It's a natural result of life, apparently. Go look at some pictures of floppy-eared puppies, or fluffy kittens or fish or trees or algae or fungus: awwww, what cute warlike sociopaths. "You're eating my food, competing for my mate, or claiming my turf? Fuck you. DIE!!" Humanity is the only thing I ever heard of, who sometimes isn't sociopathic.

One can hypothesize a space empire without war, but it would require some extreme creativity. If you have an idea for a warless game, that's awesome, but do you really think war is a far-fetched assumption on someone else's part? I know what planet you grew up on, earthling, so quite pretending you're from some other alien background.

Comment: Re:The 3 Laws of Robotics (Score 1) 258

by Sloppy (#48797323) Attached to: AI Experts Sign Open Letter Pledging To Protect Mankind From Machines

There seems to be a lot of confusion over the intent of the second one. Some people think nobody should have graven images, some people only a well-regulated militia is allowed to have them, and some people get caught up in trying to figure out how to weaponize engravings in Dwarf Fortress.

Comment: Stingrays for Everyone! (Score 3, Insightful) 303

by Sloppy (#48749277) Attached to: FBI Says Search Warrants Not Needed To Use "Stingrays" In Public Places

If the cops can do it without getting any exceptional permissions, then it must not be a crime for private citizens to do it, either. Right? Right? (Why is everyone looking at me like I just said something amazingly naive? And WTF is with all the Blade Runner "little people" quotes? I saw that movie and don't remember that many midgets.)

Comment: Re:Not surprising... (Score 1) 278

by Sloppy (#48721579) Attached to: Vinyl's Revival Is Now a Phenomenon On Both Sides of the Atlantic

I very much doubt that the vinyl enthusiast shares the geek's obsession with DRM.

That's because they don't have DRM! Their classic turntable is actually able to play the records they buy!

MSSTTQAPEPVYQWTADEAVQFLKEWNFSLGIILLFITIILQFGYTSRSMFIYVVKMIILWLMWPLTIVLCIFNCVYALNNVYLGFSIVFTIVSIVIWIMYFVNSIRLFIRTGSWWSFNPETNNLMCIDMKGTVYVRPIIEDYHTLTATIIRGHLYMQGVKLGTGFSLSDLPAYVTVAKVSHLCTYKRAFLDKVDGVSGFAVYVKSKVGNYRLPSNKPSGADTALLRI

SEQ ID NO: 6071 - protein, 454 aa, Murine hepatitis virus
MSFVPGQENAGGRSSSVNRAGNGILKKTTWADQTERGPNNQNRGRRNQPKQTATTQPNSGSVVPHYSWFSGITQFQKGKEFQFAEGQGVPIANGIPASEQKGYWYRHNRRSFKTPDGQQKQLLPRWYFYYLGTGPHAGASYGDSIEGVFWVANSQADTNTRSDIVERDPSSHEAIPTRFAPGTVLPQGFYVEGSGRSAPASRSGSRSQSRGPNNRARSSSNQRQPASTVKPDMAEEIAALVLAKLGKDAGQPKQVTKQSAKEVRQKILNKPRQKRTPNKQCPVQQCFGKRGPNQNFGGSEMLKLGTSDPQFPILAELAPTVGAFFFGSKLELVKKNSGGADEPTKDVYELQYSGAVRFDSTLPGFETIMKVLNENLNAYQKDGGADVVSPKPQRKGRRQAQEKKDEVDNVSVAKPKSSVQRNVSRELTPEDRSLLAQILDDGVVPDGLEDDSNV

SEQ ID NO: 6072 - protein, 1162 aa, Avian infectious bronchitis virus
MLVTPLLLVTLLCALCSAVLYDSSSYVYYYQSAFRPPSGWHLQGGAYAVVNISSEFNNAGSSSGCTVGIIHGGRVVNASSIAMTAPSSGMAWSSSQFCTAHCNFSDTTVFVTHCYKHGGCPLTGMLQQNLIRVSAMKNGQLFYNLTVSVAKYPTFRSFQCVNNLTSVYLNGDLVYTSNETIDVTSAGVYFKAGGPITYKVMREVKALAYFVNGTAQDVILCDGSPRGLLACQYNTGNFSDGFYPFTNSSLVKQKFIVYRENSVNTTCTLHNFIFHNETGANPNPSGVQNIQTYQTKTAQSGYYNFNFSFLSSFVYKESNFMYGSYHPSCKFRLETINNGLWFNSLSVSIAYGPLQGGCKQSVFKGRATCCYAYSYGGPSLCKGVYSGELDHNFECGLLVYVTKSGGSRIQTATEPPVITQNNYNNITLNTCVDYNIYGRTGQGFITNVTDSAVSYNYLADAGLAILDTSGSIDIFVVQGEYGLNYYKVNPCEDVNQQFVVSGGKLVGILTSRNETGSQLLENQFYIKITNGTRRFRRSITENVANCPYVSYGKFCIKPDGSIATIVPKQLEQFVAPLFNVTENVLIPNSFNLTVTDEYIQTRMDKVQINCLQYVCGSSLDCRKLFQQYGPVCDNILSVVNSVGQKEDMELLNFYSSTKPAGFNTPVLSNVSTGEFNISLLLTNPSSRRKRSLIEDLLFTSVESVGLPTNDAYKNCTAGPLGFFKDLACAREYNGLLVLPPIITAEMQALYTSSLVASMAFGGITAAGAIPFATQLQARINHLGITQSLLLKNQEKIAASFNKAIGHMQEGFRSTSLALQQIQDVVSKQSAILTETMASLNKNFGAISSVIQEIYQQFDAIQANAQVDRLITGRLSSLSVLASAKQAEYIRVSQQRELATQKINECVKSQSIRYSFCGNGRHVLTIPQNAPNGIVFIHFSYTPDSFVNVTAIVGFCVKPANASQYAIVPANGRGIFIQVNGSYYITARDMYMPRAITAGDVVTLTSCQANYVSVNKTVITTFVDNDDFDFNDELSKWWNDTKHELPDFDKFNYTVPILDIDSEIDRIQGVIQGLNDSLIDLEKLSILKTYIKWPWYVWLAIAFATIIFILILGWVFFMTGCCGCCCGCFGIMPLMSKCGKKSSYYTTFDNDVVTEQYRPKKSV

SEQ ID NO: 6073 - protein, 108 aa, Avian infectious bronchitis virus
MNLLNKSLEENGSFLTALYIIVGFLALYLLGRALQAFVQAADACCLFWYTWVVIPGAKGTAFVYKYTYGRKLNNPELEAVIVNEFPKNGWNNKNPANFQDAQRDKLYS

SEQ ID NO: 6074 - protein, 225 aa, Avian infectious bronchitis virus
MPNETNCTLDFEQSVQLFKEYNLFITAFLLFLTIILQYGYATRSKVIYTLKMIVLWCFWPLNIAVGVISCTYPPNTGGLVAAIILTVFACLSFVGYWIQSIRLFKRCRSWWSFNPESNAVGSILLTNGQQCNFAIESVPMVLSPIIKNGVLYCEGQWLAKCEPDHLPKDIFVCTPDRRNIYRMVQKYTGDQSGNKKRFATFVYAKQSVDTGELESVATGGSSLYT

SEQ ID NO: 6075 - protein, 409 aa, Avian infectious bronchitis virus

If they had DRM (i.e. you buy a vinyl record and then there are technical barriers and legal risks to overcome before you're able to get it working) then you expect the situation to create "obsession." The social experience would be a some kind of hackathon, with occasional screetches where all the girls and boys would grimace and hold their hands over their ears. "Eww, that didn't decode right. I thought I had the key, but that wasn't it." The second half of the party begins when you're finally able to play the record, and everyone dances in celebration.

The machine is exposed and celebrated, not hidden.

And that's why it can't have DRM. You're allowed to understand how it works, whether or not you're a "geek" and bother to do so.

Comment: Re:It looks like a friggin video game. (Score 1) 351

by Sloppy (#48666809) Attached to: Ars: Final Hobbit Movie Is 'Soulless End' To 'Flawed' Trilogy

Jackie Chan is so many forms of awesome that it's not funny. (Well, no, actually.. he's funny too.) And you have provided Yet Another in the long list of ways he is awesome: as an example for why video fidelity is a good thing rather than a bad thing. (Which you'd think would be obvious, but some people don't get it. Until you mention Jackie Chan.)

The shortest distance between two points is under construction. -- Noelie Alito